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Six Years at the Russian Court - by Margaret Eager



WE spent Christmas that year in the Crimea, and brought in quantities of holly and ivy to decorate the house. Holly does not grow in the north of Russia at all; the climate is too severe for it.

The children were greatly charmed with the decorations, and pulled each other under the mistletoe for kissing purposes. A heavy fall of snow had blocked up the railway lines, and we were afraid there would be no Christmas parcels from either England or Gatchina. However, the special messengers had taken sledges and come across the mountains, so the gifts were all received on Christmas Eve in time for the trees. We had our Christmas tree as usual, and little Marie was specially delighted with it, as she could not remember anything of the kind. She said to the Emperor, who was just beginning to get about, "Papa, did you ever see anything so beautiful?"

It was late in January when we left the Crimea. We were all in bed on board the Standart when a special messenger came on board bringing the news of the death of Queen Victoria. The telegram was not opened till next morning; the Empress was greatly grieved. There was much searching for mourning, and fortunately everyone had something black with them.

We arrived in St. Petersburg on Saturday, and I had a rush to get a suitable hat to wear at church on Sunday. The church was crowded and everyone there was dressed in mourning, some even wore crepe. I never saw anything so melancholy in my life.

There were, of course, no balls given that year on account of the heavy mourning. The Crown Prince of Austria came on a visit. He had a quiet time, but some dinners were given in his honour. On one occasion there was a large dinner party in the Winter Palace. The Major Domo carried in a dish of fish, and began to hand it round; suddenly he fell -- the fish was spilt on the carpet and the Empress's dress. In great confusion he got out of the room; he then came in with another dish; some of the fish must have remained on the carpet for the unfortunate man again fell and gave the Empress a liberal helping of whatever he was carrying. The second time was too much. All the company simply laughed till they were tired.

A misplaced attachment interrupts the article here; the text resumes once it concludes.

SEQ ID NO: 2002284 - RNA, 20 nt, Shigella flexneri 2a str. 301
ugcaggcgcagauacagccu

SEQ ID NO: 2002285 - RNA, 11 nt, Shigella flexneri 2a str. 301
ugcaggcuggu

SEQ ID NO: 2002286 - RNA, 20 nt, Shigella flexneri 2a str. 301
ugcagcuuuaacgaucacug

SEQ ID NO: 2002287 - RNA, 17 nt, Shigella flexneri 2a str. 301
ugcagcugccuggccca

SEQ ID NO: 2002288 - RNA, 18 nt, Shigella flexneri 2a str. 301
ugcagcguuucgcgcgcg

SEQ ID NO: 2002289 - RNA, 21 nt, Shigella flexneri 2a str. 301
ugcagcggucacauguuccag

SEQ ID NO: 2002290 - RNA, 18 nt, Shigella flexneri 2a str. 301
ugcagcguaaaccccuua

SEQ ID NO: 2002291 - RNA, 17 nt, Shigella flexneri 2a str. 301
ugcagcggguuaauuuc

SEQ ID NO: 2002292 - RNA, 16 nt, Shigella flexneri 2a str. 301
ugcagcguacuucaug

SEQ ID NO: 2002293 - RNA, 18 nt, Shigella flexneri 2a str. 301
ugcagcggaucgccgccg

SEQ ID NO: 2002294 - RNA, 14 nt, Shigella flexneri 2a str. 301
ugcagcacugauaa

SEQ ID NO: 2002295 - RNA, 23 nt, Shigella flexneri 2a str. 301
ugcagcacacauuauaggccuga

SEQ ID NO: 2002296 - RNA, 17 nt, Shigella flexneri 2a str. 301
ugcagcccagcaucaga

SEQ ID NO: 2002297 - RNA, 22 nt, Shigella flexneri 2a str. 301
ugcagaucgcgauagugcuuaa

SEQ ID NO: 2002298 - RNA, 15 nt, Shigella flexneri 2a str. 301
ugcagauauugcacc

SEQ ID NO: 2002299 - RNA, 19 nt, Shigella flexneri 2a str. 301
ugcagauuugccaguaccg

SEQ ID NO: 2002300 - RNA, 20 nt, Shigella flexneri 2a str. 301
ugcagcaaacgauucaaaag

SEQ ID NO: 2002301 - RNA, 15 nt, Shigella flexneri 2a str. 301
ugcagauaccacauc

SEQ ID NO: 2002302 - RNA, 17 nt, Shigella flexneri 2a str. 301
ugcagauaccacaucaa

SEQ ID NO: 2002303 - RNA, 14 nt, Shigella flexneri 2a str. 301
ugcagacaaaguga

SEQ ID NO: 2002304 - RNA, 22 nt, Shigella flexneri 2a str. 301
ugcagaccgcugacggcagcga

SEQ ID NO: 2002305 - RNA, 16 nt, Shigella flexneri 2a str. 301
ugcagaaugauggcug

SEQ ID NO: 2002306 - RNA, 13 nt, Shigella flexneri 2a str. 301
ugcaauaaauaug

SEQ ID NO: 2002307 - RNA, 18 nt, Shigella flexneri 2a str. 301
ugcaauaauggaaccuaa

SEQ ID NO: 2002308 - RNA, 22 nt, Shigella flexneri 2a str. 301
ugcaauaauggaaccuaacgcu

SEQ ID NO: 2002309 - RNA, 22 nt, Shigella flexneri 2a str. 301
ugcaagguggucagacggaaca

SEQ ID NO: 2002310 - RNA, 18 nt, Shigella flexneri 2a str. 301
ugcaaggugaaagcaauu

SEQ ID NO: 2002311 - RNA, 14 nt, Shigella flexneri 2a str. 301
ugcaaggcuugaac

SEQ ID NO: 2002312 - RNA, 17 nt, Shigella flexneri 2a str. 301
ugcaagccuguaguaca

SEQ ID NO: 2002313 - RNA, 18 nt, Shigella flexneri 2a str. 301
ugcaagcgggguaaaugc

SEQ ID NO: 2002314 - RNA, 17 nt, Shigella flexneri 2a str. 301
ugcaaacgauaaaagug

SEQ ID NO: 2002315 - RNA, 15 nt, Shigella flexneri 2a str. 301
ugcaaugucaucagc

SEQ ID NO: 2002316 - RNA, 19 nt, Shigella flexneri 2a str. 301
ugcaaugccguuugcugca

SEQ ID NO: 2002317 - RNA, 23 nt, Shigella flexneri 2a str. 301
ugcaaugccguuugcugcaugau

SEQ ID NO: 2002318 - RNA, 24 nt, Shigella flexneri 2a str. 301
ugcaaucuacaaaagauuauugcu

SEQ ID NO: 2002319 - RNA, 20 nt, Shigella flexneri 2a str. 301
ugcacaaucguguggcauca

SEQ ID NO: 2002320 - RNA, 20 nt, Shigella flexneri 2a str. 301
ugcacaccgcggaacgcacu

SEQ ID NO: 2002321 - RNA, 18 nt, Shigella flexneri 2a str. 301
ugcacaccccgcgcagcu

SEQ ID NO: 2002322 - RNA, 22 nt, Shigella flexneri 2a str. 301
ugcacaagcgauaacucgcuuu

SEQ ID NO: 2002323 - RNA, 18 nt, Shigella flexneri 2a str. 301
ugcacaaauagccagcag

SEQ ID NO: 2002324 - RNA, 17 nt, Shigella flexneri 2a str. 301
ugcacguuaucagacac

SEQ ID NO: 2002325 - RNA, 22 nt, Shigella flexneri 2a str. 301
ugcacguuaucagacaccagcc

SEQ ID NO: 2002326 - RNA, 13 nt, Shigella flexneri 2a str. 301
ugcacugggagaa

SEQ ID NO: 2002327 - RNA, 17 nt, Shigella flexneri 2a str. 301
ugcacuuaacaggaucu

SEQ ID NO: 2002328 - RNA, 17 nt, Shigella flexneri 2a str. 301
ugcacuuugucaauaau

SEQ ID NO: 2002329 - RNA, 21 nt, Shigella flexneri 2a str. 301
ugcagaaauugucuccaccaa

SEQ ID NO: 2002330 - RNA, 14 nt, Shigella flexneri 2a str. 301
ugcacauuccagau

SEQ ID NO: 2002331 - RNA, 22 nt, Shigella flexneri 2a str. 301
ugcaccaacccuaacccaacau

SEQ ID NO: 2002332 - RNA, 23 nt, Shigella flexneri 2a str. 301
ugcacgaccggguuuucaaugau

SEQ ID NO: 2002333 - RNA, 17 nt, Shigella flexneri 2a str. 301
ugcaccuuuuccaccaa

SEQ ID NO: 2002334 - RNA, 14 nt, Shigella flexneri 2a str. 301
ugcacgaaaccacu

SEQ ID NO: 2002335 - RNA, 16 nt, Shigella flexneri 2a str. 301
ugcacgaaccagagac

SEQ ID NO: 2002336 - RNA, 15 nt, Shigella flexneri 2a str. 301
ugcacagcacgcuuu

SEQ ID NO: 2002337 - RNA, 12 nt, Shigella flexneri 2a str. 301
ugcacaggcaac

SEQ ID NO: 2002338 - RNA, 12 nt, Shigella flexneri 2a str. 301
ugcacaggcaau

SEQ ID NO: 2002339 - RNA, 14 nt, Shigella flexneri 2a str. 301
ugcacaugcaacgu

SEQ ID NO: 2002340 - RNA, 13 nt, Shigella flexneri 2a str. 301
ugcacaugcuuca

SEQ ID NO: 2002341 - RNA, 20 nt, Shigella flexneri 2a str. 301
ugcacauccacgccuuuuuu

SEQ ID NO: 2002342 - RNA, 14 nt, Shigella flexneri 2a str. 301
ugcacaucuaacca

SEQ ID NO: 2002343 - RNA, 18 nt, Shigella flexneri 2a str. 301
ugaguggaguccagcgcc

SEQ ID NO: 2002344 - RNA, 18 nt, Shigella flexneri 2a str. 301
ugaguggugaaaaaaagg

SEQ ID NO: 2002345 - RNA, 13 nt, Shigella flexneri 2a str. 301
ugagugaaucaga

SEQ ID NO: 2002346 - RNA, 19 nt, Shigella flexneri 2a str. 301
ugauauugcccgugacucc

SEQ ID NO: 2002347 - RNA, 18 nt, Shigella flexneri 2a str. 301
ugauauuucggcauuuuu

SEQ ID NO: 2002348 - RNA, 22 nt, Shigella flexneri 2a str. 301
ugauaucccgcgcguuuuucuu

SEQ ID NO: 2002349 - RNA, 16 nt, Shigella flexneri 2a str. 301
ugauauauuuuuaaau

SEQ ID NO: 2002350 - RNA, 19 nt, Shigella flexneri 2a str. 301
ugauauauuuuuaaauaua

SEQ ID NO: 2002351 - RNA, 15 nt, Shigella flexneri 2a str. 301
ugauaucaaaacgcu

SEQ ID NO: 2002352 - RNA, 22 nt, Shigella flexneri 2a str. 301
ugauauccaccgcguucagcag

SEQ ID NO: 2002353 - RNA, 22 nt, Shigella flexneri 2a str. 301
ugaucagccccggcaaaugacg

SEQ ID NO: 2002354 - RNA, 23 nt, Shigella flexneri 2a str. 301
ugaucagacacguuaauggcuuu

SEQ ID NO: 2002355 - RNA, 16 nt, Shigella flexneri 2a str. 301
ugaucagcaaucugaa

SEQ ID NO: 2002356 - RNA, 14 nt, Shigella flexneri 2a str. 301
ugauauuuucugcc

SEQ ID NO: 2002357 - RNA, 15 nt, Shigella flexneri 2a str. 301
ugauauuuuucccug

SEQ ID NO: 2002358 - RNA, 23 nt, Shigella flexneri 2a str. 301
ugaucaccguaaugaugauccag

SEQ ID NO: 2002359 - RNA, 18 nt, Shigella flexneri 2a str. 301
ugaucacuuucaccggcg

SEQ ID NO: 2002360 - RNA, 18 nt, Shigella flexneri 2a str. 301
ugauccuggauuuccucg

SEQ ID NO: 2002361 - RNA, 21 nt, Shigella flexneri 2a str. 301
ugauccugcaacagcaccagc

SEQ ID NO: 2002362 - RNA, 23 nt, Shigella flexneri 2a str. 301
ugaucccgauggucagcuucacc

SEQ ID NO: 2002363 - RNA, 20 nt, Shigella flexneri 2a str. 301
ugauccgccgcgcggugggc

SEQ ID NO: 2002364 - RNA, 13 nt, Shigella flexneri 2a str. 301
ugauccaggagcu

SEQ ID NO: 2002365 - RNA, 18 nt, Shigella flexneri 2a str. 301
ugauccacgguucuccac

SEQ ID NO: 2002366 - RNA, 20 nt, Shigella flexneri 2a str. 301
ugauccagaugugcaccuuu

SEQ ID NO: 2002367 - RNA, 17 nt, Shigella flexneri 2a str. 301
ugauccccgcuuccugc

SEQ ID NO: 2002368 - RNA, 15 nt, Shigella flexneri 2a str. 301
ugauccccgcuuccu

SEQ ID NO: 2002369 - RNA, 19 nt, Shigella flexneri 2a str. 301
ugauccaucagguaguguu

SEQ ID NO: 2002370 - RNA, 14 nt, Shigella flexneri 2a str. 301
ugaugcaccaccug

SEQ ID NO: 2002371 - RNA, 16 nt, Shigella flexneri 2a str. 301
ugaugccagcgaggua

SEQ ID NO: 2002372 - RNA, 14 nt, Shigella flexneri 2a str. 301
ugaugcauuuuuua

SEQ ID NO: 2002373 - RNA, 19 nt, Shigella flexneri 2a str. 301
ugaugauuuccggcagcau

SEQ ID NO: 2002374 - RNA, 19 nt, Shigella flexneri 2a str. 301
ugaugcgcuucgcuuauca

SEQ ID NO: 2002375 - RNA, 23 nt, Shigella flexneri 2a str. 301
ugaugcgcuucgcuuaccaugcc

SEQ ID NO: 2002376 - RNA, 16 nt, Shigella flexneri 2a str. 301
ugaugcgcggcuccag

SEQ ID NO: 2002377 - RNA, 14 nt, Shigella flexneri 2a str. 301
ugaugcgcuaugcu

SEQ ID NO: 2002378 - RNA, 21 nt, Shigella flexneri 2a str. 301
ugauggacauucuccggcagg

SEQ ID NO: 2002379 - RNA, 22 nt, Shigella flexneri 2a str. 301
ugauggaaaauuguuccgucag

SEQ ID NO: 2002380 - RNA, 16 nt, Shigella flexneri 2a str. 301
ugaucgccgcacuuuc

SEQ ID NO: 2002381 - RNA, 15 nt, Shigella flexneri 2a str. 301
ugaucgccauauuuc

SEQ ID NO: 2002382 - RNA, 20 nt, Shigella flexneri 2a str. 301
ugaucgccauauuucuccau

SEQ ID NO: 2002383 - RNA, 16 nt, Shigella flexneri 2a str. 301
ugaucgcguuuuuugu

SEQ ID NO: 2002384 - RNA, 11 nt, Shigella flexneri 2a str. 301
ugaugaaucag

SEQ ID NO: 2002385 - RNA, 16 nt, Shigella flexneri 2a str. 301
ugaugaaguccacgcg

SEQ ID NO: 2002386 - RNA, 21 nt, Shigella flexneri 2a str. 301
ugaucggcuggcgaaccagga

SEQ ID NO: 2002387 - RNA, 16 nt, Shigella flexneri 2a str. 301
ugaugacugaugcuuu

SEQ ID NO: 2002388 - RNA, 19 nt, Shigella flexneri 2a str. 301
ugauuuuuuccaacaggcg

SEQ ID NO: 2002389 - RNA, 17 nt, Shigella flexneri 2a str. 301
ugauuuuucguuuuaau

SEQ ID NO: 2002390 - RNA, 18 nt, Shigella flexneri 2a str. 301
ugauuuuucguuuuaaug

Though there was no ball season, the children began to go out a great deal, and to give little parties at home.

One day the little Grand Duchess Marie was looking out of the window at a regiment of soldiers marching past, and exclaimed, "Oh! I love these dear soldiers; I should like to kiss them all!" I said, "Marie, nice little girls don't kiss soldiers." She made no remark. A few days afterwards we had a children's party, and the Grand Duke Constantine's children were amongst the guests. One of them, having reached twelve years of age, had been put into the Corps de Cadets, and came in his uniform. He wanted to kiss his little cousin Marie, but she put her hand over her mouth and drew back from the proffered embrace. "Go away, soldier," said she, with great dignity. "I don't kiss soldiers." The boy was greatly delighted at being taken for a real soldier, and not a little amused at the same time.

I saw a great deal of St. Petersburg that year, and visited, amongst other places of interest, the Mint. I believe it is the largest in the world. When I went they were minting gold. They do all the melting with wood fires, great furnaces. I do not know how the men can stand over them. They have a piece of gold there which the Grand Duke Vladimir himself refined. In comparison to it an English sovereign looks like copper. One of the workmen invented a table by which gold can be counted very quickly. This table is all divided into little squares; one thousand ten-rouble pieces exactly fills each square. They can count them about twenty thousand pieces of money in an incredibly short space of time. Some of the machinery used is of a very fine and delicate nature. They mint here for the whole Russian Empire, and here, too, are struck the medals and decorations in use in Russia.